The social support inventory (SSI): a brief scale to assess perceived adequacy of social support
Article first published online: 22 NOV 2000
Copyright © 2000 John Wiley & Sons, Ltd.
Clinical Psychology & Psychotherapy
Volume 7, Issue 5, pages 401–410, November 2000
How to Cite
Timmerman, I. G. H., Emanuels-Zuurveen, E. S. and Emmelkamp, P. M. G. (2000), The social support inventory (SSI): a brief scale to assess perceived adequacy of social support. Clin. Psychol. Psychother., 7: 401–410. doi: 10.1002/1099-0879(200011)7:5<401::AID-CPP253>3.0.CO;2-I
- Issue published online: 22 NOV 2000
- Article first published online: 22 NOV 2000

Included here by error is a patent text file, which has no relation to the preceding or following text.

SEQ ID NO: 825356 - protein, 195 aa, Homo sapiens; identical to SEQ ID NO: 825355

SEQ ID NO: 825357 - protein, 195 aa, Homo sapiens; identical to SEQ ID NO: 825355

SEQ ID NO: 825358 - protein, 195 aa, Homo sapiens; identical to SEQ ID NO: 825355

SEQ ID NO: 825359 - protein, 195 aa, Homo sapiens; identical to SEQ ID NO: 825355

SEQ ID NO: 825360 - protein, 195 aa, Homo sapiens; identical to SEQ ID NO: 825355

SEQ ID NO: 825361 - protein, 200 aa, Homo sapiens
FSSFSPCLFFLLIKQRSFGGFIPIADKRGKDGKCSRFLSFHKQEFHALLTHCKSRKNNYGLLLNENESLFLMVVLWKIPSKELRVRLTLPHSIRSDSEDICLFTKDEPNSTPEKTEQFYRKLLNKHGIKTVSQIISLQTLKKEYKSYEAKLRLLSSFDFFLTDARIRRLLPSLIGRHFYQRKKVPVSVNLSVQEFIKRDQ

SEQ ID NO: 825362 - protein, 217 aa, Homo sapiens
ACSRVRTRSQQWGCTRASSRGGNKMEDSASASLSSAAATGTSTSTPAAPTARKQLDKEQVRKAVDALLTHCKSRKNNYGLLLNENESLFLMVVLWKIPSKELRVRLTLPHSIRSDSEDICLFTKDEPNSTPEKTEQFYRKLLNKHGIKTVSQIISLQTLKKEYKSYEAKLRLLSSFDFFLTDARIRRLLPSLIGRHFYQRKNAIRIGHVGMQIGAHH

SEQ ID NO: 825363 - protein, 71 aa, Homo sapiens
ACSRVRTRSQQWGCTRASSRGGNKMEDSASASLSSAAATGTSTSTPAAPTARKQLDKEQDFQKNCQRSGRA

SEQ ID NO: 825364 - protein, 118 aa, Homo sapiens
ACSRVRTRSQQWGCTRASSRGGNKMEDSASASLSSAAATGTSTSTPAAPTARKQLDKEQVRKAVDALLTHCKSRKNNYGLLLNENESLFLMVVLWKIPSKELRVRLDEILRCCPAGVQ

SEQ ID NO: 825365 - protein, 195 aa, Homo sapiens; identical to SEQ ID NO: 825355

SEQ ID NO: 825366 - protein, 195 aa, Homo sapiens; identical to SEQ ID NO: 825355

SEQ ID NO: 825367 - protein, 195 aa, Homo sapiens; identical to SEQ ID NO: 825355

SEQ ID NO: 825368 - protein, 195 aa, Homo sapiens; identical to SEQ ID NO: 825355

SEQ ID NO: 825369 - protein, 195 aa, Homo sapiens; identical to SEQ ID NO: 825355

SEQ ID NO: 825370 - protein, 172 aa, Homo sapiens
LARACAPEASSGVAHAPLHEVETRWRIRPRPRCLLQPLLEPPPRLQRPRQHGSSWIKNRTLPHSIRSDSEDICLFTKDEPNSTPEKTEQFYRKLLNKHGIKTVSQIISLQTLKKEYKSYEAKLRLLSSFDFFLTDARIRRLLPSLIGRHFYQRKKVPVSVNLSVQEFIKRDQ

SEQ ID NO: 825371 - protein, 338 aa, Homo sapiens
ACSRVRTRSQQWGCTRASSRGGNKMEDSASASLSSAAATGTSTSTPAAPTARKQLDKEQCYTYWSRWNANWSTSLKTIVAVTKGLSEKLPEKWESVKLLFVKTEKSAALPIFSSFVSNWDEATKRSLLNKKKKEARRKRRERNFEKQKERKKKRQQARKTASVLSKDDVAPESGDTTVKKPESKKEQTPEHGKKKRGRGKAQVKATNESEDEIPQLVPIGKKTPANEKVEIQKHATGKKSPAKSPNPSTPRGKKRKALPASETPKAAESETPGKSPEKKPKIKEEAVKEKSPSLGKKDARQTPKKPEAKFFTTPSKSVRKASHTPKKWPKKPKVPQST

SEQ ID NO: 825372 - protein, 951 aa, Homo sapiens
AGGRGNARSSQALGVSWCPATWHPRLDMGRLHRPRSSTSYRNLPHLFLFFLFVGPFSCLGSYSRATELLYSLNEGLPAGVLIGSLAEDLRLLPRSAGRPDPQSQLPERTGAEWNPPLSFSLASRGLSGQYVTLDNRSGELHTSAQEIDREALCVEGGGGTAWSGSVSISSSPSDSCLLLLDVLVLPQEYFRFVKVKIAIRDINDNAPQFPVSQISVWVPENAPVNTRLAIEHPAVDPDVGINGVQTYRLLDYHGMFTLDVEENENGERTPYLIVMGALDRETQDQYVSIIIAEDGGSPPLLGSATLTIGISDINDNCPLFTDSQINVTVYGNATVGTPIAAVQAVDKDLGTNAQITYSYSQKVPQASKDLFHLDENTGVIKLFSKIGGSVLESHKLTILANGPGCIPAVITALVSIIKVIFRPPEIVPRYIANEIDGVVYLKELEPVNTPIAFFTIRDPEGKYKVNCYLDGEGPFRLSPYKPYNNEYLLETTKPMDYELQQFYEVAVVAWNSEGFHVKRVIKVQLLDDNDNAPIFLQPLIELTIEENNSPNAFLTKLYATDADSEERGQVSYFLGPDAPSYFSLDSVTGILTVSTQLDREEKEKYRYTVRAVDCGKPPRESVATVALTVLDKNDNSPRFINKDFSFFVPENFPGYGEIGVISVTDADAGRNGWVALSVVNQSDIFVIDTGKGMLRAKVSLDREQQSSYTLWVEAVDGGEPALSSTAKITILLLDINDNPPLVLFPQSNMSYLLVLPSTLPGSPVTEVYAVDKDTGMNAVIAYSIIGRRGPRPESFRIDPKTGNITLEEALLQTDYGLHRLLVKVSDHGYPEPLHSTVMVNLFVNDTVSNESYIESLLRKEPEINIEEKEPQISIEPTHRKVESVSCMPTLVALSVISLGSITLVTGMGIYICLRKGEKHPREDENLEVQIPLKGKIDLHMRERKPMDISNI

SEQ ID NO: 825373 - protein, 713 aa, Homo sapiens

The development of a brief measure to assess satisfaction with obtained social support using Simultaneous Components Analysis (SCA) is described. In the first study the component structure of the Social Support Questionnaire (Van Sonderen, 1991) was determined in a sample of men ( = 401) and women ( = 496) that were drawn from the general population. Five components could be distinguished that were similar in both samples. The obtained solution was replicated, using confirmatory factor analyses in two samples of men and women respectively that were similar to the two samples used in the exploratory analysis, without significant loss of explained variance. In the second study, a sample of married women ( = 668) from the general population filled in the Social Support Questionnaire twice: (1) with reference to their spouse and (2) with reference to others but their spouse. It appeared that the same component structure was applicable to different sources of social support. It was decided to drop one scale from the final questionnaire, because it referred to giving social support rather than receiving support. The questionnaire, the Social Support Inventory (SSI), comprises 20 descriptions of social support pertaining to Emotional Support, Informative Support, Social Companionship, or Instrumental Support. The internal consistencies of the subscales are satisfactory, with alpha values ranging from 0.70 to 0.86. Further, some support for the convergent and divergent validity of the SSI was found. Copyright © 2000 John Wiley & Sons, Ltd.